Here is some news about the Public is Urged by Salt Lake County Health to Become Immunized and Use Respiratory Protection. There is no better time than now, according to the Salt Lake County Health Department (SLCOHD), to get inoculated and safeguard oneself against respiratory infections. Health experts advise getting a flu vaccination and updating your COVID booster as the Christmas season approaches.
Officials say that the biggest concern is respiratory illness: Health experts highly advise those over 65—and those who will be around them—to get vaccinated before the holidays, when respiratory illness cases normally start to climb. This is because older adults are particularly susceptible to serious sickness from both COVID and influenza.
According to health officials, the flu season normally lasts from October to May, peaking in early January. “We really start to see a spike in cases around the holidays when folks have been to a lot of parties and family get-togethers,” says Dr. Angela C. Dunn, executive director of SLCOHD.
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We advise vaccination now in order for folks to be fully protected by the time the holidays roll around. According to Dunn, COVID, influenza, and respiratory syncytial virus are all causing an increase in respiratory illness in Salt Lake County (RSV).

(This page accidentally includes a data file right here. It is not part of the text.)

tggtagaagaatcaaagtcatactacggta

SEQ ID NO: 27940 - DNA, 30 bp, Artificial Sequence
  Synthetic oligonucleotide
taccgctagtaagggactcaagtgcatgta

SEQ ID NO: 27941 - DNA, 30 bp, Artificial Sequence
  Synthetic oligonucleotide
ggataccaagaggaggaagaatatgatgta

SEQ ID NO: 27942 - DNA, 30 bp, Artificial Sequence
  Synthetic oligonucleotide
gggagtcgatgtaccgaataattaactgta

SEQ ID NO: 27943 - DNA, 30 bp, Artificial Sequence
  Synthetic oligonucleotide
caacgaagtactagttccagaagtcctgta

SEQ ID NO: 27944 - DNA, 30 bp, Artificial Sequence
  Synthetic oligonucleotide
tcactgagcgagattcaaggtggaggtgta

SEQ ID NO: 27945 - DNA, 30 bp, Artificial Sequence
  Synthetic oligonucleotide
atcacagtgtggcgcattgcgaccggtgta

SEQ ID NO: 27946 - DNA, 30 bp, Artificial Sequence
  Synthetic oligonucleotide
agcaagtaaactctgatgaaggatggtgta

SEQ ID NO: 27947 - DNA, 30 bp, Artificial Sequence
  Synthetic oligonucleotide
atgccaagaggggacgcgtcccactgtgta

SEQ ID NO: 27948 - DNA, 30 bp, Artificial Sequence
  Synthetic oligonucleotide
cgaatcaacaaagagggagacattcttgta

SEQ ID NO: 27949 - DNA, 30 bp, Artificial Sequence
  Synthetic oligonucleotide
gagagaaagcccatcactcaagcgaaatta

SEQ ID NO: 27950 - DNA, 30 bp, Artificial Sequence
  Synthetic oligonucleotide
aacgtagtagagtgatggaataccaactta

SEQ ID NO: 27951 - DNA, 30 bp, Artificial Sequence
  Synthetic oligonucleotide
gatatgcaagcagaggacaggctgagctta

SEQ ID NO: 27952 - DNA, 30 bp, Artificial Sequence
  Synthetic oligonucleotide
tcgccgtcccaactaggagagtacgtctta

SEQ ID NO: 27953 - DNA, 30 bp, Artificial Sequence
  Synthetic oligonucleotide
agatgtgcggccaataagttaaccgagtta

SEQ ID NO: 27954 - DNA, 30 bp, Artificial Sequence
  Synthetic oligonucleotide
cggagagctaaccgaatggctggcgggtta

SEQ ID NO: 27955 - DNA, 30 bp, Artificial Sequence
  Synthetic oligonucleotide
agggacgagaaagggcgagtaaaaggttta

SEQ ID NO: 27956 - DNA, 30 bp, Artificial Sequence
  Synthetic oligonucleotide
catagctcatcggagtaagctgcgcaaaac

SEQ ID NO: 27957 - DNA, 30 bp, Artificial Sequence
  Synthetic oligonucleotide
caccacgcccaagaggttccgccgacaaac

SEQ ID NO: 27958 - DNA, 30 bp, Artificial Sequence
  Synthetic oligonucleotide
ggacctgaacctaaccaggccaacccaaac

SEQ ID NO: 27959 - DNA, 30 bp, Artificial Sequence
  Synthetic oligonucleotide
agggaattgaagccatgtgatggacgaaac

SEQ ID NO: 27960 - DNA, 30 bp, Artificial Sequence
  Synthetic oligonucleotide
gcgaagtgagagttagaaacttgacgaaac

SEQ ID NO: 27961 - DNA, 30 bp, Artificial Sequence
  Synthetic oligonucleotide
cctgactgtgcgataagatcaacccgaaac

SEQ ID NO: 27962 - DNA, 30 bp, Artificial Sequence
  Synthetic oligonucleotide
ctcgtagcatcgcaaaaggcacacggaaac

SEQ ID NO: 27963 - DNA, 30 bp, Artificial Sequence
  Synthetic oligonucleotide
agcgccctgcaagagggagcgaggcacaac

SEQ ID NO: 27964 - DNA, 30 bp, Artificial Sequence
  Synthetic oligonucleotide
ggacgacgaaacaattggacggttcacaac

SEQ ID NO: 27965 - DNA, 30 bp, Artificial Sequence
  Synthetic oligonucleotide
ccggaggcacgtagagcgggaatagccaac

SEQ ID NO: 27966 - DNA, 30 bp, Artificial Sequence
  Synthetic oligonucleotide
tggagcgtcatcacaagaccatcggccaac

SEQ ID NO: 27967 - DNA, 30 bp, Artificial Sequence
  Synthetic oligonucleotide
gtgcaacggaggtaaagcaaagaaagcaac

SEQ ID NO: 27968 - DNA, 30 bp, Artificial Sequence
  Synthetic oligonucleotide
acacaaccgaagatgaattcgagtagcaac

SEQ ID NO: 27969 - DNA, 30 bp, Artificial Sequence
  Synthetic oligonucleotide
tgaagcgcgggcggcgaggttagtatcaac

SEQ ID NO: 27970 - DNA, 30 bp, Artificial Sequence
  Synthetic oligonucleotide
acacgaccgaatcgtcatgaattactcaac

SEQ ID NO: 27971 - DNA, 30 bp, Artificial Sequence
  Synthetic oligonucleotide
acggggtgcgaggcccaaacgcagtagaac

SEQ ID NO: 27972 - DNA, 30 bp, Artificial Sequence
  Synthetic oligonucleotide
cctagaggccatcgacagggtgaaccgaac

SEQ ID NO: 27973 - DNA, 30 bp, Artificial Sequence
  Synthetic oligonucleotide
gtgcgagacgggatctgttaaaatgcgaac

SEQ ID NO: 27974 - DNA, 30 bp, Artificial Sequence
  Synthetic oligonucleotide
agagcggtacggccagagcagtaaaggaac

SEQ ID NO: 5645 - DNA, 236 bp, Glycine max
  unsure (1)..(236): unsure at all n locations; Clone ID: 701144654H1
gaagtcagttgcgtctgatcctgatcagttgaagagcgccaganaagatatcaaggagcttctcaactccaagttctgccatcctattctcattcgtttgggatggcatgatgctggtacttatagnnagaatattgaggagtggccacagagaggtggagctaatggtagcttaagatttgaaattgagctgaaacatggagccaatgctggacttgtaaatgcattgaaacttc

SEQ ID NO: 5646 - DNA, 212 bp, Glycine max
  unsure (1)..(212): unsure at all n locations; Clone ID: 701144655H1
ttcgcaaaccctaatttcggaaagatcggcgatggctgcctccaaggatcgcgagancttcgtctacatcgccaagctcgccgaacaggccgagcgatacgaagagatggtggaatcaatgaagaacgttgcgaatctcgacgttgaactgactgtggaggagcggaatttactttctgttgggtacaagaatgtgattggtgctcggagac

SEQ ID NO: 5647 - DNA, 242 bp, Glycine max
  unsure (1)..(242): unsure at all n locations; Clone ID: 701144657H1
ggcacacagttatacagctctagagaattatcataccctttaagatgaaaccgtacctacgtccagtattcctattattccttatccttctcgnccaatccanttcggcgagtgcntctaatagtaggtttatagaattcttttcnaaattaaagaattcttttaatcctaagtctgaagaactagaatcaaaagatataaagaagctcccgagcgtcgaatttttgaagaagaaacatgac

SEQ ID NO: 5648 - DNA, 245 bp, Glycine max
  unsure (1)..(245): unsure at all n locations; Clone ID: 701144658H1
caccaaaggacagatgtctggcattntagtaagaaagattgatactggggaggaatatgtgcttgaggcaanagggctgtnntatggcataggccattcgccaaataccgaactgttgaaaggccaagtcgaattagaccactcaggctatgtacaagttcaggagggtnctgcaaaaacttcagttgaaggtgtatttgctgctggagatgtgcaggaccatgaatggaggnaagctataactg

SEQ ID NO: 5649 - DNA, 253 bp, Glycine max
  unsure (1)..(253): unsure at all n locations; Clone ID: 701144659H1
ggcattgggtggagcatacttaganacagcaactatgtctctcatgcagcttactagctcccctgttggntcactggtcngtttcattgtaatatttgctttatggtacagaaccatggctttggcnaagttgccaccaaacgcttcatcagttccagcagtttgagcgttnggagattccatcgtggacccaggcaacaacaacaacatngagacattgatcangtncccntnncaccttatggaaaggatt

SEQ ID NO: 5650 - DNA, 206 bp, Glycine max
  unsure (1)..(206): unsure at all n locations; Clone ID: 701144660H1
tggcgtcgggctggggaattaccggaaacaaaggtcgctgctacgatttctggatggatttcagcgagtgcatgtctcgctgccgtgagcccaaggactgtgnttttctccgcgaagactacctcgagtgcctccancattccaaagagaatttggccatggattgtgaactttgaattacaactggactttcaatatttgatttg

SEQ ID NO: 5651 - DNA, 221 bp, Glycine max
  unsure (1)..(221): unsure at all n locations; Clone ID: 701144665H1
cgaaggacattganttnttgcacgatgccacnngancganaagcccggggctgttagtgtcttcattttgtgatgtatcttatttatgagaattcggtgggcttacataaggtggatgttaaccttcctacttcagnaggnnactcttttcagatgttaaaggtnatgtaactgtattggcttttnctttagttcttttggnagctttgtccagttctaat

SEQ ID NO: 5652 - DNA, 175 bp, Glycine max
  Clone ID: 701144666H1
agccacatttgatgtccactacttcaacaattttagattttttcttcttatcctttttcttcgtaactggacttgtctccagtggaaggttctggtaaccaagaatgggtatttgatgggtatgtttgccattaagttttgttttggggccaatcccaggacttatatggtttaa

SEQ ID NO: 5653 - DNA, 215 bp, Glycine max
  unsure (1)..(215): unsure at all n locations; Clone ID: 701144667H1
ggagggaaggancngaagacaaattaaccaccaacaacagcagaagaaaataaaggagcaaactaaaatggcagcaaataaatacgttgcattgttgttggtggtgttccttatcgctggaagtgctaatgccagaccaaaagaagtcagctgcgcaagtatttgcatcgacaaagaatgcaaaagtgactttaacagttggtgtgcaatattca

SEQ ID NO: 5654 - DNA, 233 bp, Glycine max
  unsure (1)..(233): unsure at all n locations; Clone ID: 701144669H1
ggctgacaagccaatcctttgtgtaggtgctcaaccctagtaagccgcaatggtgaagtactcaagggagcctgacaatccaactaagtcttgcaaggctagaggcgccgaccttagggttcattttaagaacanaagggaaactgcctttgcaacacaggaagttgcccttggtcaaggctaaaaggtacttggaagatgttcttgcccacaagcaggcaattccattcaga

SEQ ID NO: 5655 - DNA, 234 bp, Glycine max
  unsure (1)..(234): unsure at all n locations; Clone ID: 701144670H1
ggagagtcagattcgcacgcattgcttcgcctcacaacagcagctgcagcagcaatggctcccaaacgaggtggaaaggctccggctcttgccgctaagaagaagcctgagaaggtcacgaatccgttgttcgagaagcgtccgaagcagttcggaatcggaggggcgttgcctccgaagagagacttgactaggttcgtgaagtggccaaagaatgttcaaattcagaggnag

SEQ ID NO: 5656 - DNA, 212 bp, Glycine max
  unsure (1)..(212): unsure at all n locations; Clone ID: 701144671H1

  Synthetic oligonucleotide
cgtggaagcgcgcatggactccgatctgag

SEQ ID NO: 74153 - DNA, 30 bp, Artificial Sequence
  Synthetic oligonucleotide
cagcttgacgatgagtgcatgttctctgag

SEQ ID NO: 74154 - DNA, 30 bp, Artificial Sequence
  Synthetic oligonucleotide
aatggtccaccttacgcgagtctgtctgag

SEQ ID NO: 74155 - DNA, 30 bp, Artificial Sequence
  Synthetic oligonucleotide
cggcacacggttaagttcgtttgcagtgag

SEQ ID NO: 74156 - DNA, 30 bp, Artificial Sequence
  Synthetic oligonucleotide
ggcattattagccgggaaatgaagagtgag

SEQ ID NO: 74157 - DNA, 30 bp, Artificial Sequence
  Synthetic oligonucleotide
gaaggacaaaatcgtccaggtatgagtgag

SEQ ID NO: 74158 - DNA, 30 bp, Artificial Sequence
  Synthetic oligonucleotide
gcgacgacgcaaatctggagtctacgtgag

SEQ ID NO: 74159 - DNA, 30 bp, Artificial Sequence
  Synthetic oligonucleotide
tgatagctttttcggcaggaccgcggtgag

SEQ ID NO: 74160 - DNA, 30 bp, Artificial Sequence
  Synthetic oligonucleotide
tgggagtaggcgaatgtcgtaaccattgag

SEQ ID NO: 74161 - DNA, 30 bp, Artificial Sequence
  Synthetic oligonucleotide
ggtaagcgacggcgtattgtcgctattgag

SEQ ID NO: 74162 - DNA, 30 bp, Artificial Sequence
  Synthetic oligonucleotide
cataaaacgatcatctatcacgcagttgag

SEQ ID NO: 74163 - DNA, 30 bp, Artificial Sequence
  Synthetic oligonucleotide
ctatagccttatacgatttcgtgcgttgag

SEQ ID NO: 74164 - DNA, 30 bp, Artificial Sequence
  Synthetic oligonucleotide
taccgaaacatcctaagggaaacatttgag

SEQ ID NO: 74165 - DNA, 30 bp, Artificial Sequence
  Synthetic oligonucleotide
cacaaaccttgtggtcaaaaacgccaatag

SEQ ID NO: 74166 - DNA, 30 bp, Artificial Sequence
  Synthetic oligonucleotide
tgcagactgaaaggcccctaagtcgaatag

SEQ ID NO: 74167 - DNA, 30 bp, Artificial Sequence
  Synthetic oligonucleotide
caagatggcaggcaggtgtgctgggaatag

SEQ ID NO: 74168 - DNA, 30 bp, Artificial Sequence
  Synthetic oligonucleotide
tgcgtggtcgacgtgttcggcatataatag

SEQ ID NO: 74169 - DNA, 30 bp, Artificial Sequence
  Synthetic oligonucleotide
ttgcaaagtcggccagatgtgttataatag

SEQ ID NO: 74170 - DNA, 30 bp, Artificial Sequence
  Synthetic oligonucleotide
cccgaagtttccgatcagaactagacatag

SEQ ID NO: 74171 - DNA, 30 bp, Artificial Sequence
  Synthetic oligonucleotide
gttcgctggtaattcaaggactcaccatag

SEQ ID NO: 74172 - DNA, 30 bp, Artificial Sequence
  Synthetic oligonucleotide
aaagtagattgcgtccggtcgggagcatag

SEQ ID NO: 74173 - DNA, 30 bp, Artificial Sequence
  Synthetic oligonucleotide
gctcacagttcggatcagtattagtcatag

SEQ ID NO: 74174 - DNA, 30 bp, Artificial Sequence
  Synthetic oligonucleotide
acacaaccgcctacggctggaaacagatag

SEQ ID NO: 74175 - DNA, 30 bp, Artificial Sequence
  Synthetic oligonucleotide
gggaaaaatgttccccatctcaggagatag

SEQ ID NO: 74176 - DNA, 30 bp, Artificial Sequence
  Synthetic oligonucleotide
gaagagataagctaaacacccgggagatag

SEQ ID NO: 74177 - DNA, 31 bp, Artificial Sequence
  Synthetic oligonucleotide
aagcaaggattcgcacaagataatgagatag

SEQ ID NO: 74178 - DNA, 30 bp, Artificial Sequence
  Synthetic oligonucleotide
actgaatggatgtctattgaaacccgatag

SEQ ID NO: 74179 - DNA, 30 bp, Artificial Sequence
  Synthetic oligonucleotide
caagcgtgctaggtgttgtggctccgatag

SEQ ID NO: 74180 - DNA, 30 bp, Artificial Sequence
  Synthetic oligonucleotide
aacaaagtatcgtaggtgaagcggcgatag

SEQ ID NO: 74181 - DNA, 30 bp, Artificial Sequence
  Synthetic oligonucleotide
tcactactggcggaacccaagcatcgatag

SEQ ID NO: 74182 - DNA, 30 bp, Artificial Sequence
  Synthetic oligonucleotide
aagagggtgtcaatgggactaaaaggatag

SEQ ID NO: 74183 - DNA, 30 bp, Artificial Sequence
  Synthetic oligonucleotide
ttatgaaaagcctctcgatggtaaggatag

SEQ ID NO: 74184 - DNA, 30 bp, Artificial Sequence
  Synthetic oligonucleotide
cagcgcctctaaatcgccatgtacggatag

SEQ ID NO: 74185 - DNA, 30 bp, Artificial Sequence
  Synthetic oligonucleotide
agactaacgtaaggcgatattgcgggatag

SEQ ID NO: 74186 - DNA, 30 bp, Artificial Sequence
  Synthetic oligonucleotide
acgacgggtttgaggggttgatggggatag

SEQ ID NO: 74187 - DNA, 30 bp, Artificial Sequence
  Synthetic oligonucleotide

SLCOHD states that even though there is no vaccination for RSV at the moment, people can “dramatically lower their risk for hospitalization owing to two of the three viruses prevalent.” We must rely on excellent hand hygiene and staying in while we are ill to prevent the transmission of RSV, adds Dunn.
“However, we have a highly good protection tool for those two potentially serious illnesses in the seasonal flu vaccine and the most recent COVID booster.” Many Americans are more likely to experience major COVID or influenza complications as they age, have a medical condition like asthma, diabetes, or heart disease, or are pregnant, according to the U.S. Centers for Disease Control and Prevention (CDC).
For instance, about 70% of individuals between the ages of 55 and 64 have at least one chronic medical condition, which increases their chance of developing life-threatening consequences from a respiratory disease.
Similar to adults, SLCOHD warns that those 65 years of age and older have a higher risk of developing significant flu-related complications than people under the age of five, particularly those under the age of two.
However, the flu can have devastating consequences for even healthy children and adults. According to the CDC, 57% of children who died from influenza complications during the 2019–2020 flu season had no history of a pre-existing medical condition.
The Salt Lake County Health Department, as well as numerous doctors’ offices, community health centers, pharmacies, and other healthcare providers, offer the COVID vaccine, boosters, and influenza vaccine.
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